By Doug BlackburnReprinted with permission from the Tallahassee Democrat
Her mother calls Laura Davis “just a regular, small-town girl.”
There are other ways to describe Davis, a third-year medical school student at Florida State University. She is, by all accounts, a poster child for the still-young College of Medicine and its particular mission to produce primary-care physicians working in under-served areas.
“Laura definitely fulfills that scenario. She is a great fit for us,” said Dr. Paul McLeod, dean of FSU’s Pensacola campus, where Davis is spending her last two years of medical school.
Davis is a native of Blountstown. She was born in Calhoun-Liberty General Hospital, a small, rural facility that stopped doing deliveries in the late ‘80s.
She says she’s still not sure what specialty she wants to pursue during her residency — she’s torn between family medicine and obstetrics, at the moment — but Davis is clearly headed toward a career in primary-care medicine. And there’s a good chance she will wind up back in Blountstown, where the youngest doctor is in his mid 40s, and it’s quite possible that by the time Davis completes her residency, he will be the only physician still working in the Panhandle community.
Davis knows all too well she is eagerly wanted and needed in her hometown. She’s reminded every time she returns to see her parents, Vicki and Eddie Davis.
“Every time I go home, I hear, ‘When are you going to come back here to practice medicine?’ I honestly don’t know if I’ll come back right after residency,” Davis said, “but my family is a really big part of my life.
“I don’t think I have pressure-pressure. I don’t think I would be letting anybody down if I don’t come back, but part of it is self-imposed. Blountstown is a small community. Everybody is invested in everybody else.”
Davis, 28, is a devout Baptist who was never on a fast-track to a career as a doctor. She admits she didn’t know if she had the right stuff when she graduated high school. She spent her first two years of college in Chipola before finishing at the University of West Florida with a major in mathematics.
Davis worked as a substitute teacher in Calhoun County Schools, where her mother is assistant superintendent. Then she took an office job at a fertility clinic in Gulf Breeze, which inspired her to try medical school.
“I realized I wanted to be on the other side of the desk. It was good for me to be in that environment and see how it worked. It confirmed for me that medicine was what I wanted to do.”
Davis wasn’t sure if her test scores were good enough for a spot at FSU, which was just reaching full capacity after opening in 2000. She was admitted into the school’s Bridge Program in 2008, a year-long path designed to ease the transition into the rigors of the four-year medical school track. She also picked up a couple of scholarships to make paying for medical school less of a burden.
“I had to learn how to study all over again,” she said. “Studying for medical school is much different than studying for undergraduate.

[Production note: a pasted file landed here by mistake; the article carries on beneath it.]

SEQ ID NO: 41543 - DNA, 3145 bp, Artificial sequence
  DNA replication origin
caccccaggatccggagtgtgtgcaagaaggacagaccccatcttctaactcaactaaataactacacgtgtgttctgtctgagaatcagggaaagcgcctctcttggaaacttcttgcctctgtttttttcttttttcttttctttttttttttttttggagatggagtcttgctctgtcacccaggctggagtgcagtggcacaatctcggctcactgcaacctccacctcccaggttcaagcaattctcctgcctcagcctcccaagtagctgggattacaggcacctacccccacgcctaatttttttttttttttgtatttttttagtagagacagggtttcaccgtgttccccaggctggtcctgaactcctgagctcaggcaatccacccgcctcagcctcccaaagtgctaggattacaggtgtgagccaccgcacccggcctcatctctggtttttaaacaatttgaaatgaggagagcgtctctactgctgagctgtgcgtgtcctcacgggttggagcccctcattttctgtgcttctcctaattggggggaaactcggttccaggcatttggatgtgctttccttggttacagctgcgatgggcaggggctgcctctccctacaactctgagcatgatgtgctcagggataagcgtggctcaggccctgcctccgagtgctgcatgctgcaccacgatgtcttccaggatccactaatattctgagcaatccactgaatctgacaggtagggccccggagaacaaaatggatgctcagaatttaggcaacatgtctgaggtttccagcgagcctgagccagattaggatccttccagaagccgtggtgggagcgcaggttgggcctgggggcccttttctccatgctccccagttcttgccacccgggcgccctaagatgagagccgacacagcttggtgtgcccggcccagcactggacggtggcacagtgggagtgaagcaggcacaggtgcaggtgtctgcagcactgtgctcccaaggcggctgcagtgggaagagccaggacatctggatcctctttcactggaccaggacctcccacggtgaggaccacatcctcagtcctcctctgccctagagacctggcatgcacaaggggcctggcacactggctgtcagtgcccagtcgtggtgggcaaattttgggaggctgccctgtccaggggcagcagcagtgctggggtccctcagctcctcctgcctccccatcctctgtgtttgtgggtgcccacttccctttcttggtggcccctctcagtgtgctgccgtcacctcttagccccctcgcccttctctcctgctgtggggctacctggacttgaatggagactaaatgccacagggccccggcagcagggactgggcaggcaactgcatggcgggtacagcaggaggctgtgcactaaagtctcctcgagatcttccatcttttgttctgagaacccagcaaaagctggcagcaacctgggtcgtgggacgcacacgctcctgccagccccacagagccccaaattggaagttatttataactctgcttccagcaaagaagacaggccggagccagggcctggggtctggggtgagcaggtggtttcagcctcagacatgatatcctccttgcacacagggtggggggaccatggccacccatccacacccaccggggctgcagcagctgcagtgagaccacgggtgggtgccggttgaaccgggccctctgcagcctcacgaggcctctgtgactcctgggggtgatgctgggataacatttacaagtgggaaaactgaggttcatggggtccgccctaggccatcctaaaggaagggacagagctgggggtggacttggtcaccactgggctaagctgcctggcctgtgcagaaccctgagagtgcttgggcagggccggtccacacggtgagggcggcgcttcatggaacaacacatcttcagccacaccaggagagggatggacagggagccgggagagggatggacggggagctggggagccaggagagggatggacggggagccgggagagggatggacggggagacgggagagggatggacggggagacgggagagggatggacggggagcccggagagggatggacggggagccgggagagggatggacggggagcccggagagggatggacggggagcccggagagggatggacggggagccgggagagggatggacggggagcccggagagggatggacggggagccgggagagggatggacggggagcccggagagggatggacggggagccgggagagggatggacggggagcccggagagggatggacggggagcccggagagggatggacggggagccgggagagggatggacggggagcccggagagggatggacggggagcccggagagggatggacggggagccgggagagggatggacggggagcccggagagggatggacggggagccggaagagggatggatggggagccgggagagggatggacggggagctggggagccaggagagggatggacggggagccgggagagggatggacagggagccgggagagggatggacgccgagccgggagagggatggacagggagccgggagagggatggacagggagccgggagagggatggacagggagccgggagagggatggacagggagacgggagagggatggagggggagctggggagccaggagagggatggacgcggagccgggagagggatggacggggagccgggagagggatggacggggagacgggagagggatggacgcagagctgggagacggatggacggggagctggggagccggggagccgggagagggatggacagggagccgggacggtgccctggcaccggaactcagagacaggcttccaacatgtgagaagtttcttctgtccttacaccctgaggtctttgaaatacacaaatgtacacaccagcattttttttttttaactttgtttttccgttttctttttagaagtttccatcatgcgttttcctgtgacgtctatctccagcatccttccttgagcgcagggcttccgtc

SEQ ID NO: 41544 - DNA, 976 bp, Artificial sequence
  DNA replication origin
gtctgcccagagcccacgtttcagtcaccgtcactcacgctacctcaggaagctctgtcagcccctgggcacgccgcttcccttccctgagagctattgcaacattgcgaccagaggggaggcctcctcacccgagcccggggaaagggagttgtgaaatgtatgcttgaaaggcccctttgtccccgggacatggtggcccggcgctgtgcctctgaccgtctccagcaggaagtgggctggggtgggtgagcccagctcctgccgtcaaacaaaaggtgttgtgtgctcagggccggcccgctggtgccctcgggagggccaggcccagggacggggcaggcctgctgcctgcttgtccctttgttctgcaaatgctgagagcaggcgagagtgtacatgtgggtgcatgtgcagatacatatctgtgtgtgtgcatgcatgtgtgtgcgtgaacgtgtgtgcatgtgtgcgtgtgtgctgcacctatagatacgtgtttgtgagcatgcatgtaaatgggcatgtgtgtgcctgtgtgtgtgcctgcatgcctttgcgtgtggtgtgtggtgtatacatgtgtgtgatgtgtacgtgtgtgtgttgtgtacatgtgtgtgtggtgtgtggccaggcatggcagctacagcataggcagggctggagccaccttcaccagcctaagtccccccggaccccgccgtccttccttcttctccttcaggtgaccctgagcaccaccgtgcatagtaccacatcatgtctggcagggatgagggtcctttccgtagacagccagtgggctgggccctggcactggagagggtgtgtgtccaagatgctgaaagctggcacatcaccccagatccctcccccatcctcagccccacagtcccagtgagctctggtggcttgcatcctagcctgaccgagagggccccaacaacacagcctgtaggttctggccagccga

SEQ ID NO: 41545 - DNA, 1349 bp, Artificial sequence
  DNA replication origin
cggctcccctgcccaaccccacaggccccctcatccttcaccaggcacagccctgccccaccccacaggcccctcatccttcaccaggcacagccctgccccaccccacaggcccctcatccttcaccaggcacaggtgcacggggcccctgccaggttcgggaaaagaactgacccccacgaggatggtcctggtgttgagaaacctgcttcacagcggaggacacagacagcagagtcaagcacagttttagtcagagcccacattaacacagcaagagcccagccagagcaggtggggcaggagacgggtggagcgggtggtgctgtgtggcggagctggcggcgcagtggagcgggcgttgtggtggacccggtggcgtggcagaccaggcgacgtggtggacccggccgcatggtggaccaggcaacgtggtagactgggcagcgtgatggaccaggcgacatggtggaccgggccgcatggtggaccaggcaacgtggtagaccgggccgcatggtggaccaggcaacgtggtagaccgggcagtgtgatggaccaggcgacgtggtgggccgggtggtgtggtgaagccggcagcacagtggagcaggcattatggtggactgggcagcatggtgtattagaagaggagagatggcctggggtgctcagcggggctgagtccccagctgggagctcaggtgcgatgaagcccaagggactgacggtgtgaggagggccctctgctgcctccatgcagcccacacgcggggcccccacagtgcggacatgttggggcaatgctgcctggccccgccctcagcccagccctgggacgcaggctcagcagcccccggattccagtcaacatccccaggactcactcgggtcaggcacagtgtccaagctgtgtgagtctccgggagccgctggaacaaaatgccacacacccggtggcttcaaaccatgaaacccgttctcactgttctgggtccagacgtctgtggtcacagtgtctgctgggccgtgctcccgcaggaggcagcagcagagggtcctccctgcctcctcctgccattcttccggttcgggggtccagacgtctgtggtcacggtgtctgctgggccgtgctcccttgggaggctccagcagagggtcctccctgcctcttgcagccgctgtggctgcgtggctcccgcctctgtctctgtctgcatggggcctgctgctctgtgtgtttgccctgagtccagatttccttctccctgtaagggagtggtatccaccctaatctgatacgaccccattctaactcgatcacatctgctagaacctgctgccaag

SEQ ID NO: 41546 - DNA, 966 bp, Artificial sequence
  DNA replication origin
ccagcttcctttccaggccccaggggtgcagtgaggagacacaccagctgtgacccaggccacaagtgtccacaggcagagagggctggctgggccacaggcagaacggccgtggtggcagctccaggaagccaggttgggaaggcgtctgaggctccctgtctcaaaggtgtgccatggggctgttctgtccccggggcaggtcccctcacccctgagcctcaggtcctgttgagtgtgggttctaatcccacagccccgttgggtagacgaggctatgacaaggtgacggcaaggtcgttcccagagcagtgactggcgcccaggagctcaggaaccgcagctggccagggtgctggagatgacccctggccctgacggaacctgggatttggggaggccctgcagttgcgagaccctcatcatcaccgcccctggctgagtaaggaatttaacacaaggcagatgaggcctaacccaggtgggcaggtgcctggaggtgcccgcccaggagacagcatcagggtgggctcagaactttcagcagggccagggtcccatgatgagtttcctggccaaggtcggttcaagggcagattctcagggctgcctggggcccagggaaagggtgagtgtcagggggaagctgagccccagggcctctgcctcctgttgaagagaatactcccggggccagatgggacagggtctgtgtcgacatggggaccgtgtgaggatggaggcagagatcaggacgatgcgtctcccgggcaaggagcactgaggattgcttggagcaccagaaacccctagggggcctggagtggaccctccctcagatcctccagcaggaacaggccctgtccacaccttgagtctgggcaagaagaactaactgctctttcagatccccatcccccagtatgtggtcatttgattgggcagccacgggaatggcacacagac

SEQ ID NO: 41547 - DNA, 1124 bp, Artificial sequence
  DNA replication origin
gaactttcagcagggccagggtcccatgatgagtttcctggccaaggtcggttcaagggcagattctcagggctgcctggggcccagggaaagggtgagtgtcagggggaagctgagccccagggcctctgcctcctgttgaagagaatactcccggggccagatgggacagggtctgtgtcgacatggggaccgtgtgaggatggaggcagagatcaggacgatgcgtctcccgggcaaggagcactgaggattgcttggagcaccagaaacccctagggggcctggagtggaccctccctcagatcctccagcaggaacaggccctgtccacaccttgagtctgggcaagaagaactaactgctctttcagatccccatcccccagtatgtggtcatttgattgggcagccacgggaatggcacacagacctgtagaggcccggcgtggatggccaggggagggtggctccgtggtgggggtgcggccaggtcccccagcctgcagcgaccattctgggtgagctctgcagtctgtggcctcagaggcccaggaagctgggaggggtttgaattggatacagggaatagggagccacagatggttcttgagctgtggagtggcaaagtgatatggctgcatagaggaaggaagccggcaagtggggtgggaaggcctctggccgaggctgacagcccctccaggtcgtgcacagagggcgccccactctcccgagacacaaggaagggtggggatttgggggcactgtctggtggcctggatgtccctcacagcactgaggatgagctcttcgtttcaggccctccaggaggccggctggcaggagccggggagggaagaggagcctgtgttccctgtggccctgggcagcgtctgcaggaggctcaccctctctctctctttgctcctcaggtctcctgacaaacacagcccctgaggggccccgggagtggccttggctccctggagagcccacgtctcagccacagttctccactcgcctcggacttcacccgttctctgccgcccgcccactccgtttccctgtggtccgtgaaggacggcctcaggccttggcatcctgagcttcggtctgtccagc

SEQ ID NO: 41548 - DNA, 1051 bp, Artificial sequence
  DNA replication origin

“Most of the people who are in medical school are in the top of that Bell curve. They told us during the first week it is like trying to get a sip of water from a fire hose. You have to learn that first semester how to study.”
McLeod, the dean of her regional campus, believes Davis is a model student.
“Don’t let her fool you. She has plenty of talent. She has mastered the content of every clerkship she’s been in,” he said. “If there were a profile of the type of student we are looking for who may return to an under-served area, she is a great fit. She has maturity and quiet leadership skills.”
Davis is by no means the first medical student at FSU to focus on primary care. It’s become one of the college’s strengths. FSU graduates who have completed family practice residencies are in Bonifay, Crestview and Marianna, for example.
The Council on Graduate Medical Education reports that fewer than 20 percent of all U.S. medical school graduates are choosing primary care specialties, but 55 percent of the 450 graduates of FSU’s College of Medicine have gone into primary-care residency programs. FSU includes obstetrics-gynecology when it reports primary-care numbers, arguing that the battle to improve infant mortality in North Florida falls under primary care.
Dr. Jerry Skipper, a family physician who now works in the emergency room at the hospital in Blountstown, is among those hoping Davis will return to her hometown. Skipper, 42, knows the Davis family through First Baptist Church. He says new blood is definitely needed.
“We need some younger ones coming on. The fact that she’s from here is a huge plus. She knows the people and the limitations of our area,” Skipper said. “You have no back-up here. We’re an hour from anybody.
“I don’t want her to feel pressure. I don’t want her to come back because she thinks we expect it. Wherever she goes, she will be an asset to the folks in that community.”
Davis’ mother echoed that sentiment.
“Laura needs to make the decision for herself if she is going to come back or not,” Vicki Davis said. “I think she will, but it’s got to be her decision.”
Davis knows she’s wanted — and needed — in Blountstown.
“It’s a strong pull,” she said. “I can certainly see myself going home to practice medicine.”